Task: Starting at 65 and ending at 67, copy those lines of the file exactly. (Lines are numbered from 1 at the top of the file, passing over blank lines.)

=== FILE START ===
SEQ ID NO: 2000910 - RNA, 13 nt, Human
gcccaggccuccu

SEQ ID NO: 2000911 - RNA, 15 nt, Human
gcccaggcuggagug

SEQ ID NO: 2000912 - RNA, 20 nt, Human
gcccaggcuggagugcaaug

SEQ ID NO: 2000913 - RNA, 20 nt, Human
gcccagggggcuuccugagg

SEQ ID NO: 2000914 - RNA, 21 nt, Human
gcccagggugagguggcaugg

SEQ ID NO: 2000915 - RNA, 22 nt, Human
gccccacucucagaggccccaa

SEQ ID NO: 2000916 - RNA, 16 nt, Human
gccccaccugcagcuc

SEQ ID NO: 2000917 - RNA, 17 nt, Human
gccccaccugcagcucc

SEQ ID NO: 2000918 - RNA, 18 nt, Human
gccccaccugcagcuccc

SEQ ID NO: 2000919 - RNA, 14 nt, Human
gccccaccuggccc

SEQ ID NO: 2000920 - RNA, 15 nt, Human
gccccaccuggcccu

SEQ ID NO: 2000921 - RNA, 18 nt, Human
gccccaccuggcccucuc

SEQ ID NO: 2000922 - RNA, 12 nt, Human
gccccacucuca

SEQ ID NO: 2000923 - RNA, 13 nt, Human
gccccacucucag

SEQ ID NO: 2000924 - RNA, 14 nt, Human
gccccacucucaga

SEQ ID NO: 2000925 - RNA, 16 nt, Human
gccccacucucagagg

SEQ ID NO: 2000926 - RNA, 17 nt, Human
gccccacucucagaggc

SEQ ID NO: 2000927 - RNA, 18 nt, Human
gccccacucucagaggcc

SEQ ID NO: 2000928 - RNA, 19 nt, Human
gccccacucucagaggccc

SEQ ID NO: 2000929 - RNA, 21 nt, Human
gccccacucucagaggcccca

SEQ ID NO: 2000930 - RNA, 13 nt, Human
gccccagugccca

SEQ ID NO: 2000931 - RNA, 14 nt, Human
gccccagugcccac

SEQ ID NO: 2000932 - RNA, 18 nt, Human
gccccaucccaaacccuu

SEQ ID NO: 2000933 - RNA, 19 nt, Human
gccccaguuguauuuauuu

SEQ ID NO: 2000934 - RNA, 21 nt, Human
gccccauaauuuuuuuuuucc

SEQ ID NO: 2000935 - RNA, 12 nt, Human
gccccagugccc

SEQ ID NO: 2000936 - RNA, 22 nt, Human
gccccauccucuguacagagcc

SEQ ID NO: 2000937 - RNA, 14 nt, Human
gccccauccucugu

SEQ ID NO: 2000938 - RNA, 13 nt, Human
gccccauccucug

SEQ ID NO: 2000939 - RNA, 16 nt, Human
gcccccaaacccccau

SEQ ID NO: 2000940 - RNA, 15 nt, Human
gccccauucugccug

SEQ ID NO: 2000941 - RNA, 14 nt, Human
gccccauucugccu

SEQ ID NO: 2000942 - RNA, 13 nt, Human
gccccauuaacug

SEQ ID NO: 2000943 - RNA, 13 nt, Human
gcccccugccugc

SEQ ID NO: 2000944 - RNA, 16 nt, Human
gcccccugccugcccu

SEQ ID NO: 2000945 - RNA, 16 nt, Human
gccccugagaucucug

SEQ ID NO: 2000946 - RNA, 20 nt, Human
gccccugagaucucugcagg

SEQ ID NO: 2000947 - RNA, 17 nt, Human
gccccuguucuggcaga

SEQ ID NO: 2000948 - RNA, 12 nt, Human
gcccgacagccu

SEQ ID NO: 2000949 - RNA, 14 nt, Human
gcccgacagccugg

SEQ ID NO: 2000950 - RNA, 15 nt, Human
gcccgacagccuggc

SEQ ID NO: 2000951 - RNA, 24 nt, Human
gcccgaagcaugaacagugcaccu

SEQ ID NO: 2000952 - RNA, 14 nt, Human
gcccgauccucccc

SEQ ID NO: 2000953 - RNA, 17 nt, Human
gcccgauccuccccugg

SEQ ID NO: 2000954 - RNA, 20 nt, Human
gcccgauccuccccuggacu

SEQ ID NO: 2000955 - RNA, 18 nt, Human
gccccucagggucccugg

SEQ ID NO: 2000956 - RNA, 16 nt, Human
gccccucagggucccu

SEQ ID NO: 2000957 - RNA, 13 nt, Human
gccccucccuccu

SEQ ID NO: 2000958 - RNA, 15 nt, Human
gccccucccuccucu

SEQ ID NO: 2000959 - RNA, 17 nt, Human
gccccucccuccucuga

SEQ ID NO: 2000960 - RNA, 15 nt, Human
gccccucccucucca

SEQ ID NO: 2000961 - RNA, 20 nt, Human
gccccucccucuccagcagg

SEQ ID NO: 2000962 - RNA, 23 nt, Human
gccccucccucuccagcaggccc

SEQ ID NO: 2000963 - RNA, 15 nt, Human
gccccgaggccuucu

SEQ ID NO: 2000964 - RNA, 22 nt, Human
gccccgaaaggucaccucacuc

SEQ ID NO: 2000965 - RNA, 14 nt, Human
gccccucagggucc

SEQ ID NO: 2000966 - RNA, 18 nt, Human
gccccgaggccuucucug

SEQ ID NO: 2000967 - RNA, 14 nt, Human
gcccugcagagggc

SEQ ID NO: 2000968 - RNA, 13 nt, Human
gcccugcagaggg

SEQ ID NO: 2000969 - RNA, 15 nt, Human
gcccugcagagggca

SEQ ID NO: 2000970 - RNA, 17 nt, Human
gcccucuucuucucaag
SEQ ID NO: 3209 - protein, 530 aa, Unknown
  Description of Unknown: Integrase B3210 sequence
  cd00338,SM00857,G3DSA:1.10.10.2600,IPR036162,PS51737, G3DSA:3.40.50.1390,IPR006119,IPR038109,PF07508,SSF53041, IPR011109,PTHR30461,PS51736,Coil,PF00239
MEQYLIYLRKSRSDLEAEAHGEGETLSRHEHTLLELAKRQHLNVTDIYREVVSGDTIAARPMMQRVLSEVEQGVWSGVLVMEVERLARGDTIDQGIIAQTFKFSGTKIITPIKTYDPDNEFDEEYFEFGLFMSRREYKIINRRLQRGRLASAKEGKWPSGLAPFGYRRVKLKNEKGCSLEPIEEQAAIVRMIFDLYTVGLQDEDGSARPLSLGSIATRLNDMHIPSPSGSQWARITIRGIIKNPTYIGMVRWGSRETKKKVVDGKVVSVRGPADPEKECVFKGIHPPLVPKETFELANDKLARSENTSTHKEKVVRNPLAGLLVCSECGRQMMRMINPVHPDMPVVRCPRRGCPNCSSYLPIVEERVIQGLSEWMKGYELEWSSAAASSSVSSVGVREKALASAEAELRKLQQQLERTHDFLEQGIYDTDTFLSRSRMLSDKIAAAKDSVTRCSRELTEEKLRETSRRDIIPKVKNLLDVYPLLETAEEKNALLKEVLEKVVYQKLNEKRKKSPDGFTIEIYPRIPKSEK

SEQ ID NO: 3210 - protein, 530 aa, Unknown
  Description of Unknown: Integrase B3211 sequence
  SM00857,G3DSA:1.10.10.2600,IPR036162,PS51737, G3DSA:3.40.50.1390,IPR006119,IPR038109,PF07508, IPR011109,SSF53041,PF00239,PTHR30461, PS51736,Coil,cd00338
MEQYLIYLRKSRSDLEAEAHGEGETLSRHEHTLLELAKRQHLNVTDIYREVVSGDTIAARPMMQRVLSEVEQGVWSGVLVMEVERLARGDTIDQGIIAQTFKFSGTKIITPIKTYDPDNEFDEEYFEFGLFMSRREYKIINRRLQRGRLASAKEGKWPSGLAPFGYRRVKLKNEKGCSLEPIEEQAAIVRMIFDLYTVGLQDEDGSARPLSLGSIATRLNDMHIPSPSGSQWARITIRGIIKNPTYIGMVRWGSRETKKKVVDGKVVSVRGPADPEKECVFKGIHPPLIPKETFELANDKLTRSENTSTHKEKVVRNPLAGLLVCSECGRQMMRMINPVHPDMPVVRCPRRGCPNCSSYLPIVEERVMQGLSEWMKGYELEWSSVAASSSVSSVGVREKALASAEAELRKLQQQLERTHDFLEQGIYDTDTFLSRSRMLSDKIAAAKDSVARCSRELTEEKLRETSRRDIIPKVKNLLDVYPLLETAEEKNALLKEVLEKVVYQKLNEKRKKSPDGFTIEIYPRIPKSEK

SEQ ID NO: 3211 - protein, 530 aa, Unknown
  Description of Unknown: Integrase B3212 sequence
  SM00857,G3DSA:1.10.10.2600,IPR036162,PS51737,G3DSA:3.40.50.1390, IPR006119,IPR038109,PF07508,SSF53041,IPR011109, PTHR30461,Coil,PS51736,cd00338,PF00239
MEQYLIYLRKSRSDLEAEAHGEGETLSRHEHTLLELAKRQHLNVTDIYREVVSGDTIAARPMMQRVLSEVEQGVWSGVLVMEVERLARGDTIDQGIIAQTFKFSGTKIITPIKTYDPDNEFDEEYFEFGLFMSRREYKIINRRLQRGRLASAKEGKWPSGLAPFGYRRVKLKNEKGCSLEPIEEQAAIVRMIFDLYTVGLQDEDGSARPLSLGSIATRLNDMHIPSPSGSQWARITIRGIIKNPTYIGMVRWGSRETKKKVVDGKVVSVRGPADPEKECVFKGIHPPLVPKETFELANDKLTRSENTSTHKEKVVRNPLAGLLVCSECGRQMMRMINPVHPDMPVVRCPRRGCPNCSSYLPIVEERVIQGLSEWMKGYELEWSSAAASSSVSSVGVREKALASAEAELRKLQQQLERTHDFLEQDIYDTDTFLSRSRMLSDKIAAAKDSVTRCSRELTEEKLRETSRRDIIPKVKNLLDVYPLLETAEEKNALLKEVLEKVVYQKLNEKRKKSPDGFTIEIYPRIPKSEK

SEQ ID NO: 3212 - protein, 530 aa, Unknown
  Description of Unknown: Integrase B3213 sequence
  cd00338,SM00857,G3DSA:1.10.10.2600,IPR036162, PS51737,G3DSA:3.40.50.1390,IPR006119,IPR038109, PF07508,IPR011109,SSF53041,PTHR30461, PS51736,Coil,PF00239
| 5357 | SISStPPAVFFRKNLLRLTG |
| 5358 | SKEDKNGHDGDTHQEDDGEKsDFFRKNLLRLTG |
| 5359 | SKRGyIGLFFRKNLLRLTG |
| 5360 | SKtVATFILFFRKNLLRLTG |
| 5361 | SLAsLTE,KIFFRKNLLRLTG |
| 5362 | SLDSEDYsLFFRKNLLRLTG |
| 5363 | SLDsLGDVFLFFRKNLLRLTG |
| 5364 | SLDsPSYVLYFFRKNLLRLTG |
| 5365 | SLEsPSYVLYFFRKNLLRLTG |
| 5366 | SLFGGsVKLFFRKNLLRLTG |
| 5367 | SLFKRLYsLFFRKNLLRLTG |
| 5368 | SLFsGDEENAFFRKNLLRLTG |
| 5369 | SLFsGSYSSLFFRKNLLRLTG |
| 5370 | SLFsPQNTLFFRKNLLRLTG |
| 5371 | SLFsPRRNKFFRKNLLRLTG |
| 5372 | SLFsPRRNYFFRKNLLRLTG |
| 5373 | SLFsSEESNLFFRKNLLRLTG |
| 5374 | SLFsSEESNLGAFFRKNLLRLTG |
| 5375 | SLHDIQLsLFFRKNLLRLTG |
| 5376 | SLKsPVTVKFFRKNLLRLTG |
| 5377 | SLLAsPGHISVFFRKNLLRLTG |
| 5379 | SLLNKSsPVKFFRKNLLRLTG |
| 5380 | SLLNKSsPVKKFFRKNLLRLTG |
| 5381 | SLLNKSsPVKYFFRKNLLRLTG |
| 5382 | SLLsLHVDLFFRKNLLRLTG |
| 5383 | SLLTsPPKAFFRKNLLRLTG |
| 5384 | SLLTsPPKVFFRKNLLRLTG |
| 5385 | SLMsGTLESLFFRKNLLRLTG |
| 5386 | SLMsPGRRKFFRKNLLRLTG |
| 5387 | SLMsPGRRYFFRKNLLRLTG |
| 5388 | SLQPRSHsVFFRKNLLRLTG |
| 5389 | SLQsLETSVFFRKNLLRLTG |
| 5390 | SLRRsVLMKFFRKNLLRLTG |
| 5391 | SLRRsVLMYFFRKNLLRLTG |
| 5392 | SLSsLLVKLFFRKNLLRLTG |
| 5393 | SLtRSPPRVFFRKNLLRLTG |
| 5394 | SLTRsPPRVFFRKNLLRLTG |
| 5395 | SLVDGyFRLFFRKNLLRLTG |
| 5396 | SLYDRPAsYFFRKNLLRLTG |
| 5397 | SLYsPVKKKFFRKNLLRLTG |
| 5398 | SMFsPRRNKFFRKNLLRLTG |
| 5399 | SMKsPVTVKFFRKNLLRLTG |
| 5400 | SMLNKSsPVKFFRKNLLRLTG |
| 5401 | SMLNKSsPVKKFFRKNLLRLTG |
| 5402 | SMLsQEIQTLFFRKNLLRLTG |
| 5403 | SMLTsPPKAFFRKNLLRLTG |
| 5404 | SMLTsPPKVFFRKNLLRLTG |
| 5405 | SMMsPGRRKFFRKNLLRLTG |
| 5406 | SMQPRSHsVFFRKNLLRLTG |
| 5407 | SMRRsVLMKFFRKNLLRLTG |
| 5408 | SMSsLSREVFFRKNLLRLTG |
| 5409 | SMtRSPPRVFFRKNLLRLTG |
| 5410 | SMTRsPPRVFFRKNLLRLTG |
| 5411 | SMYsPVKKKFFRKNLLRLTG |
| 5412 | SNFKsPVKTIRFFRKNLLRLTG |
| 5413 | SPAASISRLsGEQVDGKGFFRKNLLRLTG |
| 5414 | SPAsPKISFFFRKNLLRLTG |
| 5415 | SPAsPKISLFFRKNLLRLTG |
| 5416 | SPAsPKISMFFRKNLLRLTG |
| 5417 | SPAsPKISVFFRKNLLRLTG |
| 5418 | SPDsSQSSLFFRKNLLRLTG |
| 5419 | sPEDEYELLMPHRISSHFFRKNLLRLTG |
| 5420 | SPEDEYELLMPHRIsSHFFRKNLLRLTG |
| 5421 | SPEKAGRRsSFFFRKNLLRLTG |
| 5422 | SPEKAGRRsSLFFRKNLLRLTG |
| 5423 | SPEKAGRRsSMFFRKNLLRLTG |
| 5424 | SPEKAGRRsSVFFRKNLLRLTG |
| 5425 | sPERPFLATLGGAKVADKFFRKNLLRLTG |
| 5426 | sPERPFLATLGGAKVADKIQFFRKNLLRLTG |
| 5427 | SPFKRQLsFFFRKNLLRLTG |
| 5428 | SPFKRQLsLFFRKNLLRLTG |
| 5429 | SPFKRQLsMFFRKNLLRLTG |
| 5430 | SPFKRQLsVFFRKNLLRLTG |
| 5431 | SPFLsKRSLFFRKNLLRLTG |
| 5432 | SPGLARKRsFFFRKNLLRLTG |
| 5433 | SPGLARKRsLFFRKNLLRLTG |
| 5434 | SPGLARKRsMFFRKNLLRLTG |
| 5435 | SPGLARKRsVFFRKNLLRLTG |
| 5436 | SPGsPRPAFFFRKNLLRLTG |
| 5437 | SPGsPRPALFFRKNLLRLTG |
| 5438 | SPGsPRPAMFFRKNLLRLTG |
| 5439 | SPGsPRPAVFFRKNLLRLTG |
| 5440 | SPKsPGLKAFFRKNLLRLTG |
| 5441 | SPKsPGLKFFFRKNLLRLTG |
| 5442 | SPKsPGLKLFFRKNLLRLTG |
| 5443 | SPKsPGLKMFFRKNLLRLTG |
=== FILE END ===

SEQ ID NO: 2000942 - RNA, 13 nt, Human
gccccauuaacug

SEQ ID NO: 2000943 - RNA, 13 nt, Human